Vegetable oil could replace kerosene as a new generation renewable liquid fuel for off-grid homes and buildings following trials across the UK. Four million homes in the UK are currently off the mains gas grid.
What is this new fuel?
Hydrotreated Vegetable Oil (HVO) is made from sustainable waste materials sourced without harming the environment. It is claimed to reduce emissions by almost 90% compared to fossil fuel alternatives.
How realistic is it?
A partnership between trade body OFTEC and UKIFDA has attracted private sector investment to carry out trials over the past year, which have so far had promising results. The big advantage over other renewable options is that converting properties is quite easy to do and costs hundreds, rather than the thousands of pounds needed to install some low carbon heating systems. The new fuel could use existing boilers and central heating systems without extensive work needing to be carried out at each property.
Will it really help save the planet?
OFTEC estimates an 88% reduction in carbon emissions over existing liquid fuels. It states that it is now possible to convert existing heating boiler and storage tank equipment to make use of the fuel with “minimal changes” being required, minimising waste and the carbon footprint of manufacturing new equipment.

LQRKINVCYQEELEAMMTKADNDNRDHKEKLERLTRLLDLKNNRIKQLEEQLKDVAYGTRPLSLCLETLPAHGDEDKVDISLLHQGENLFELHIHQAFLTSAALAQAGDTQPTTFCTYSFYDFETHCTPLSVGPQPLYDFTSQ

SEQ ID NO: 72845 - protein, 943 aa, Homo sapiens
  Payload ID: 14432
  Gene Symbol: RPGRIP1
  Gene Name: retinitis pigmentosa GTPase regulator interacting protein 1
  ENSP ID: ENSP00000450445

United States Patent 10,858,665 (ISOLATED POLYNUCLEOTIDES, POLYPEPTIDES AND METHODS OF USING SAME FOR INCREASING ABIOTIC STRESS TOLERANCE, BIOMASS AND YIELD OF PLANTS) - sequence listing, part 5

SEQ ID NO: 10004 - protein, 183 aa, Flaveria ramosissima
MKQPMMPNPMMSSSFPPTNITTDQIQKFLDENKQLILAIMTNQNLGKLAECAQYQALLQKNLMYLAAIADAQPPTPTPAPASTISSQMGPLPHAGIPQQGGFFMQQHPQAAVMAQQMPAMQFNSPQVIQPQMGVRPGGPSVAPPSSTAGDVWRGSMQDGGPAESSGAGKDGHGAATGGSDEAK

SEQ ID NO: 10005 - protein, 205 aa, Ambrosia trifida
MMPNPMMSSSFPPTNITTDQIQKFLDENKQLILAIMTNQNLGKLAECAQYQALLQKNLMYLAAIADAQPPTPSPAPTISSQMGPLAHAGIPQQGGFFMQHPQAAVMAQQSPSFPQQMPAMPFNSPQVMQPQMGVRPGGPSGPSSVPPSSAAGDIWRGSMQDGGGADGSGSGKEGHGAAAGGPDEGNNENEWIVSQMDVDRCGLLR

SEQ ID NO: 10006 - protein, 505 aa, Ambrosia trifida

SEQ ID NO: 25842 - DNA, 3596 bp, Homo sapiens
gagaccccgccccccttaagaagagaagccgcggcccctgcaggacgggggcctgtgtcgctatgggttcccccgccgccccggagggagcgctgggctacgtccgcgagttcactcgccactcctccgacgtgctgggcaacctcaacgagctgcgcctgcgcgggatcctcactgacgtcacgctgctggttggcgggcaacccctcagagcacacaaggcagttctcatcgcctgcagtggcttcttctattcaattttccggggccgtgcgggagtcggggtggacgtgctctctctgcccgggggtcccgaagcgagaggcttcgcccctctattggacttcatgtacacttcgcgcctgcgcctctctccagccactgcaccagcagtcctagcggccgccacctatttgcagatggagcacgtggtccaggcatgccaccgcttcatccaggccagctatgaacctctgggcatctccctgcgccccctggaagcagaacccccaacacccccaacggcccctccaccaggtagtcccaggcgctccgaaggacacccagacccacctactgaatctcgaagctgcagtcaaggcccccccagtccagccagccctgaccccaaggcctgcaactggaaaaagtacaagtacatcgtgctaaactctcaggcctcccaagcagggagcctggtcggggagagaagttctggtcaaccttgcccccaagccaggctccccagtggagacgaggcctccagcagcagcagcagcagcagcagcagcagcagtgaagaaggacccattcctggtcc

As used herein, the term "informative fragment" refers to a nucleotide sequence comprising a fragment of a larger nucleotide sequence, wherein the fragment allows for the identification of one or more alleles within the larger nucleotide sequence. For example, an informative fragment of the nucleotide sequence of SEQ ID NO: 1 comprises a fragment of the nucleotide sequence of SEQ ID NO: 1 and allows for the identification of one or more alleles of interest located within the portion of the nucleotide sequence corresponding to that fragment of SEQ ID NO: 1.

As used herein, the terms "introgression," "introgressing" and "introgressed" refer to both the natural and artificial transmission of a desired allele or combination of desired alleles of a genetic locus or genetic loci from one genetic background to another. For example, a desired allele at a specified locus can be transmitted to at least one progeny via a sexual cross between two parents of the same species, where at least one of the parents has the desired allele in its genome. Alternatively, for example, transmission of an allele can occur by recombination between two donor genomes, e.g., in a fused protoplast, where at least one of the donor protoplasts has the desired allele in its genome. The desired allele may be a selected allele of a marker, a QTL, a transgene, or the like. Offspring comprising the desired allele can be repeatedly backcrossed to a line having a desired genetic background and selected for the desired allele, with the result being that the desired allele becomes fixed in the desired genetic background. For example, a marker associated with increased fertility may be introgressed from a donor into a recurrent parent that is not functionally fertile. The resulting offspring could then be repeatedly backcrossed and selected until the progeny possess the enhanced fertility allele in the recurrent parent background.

A joint statement from OFTEC and the UKIFDA said HVO was being promoted as a practical solution for off-grid homes that can be difficult and expensive to retrofit.
In relation to the decarbonisation of heat, the statement added: “To succeed, off-grid decarbonisation will require a flexible approach to ensure households have a choice of low carbon heating technologies suited to the needs of their property. That’s why we are urging the government to extend the incentives for renewable liquid fuels, beyond aviation and road transport, to include off-grid home heating.”
One potential issue is the availability of biofuels and this may mean that a hybrid solution, using a biofuel boiler and air source heat pump, may facilitate faster decarbonisation with limited biofuel resources.
You can read more about heat pump technology in our blog Is the heating sector ready for the heat pump revolution
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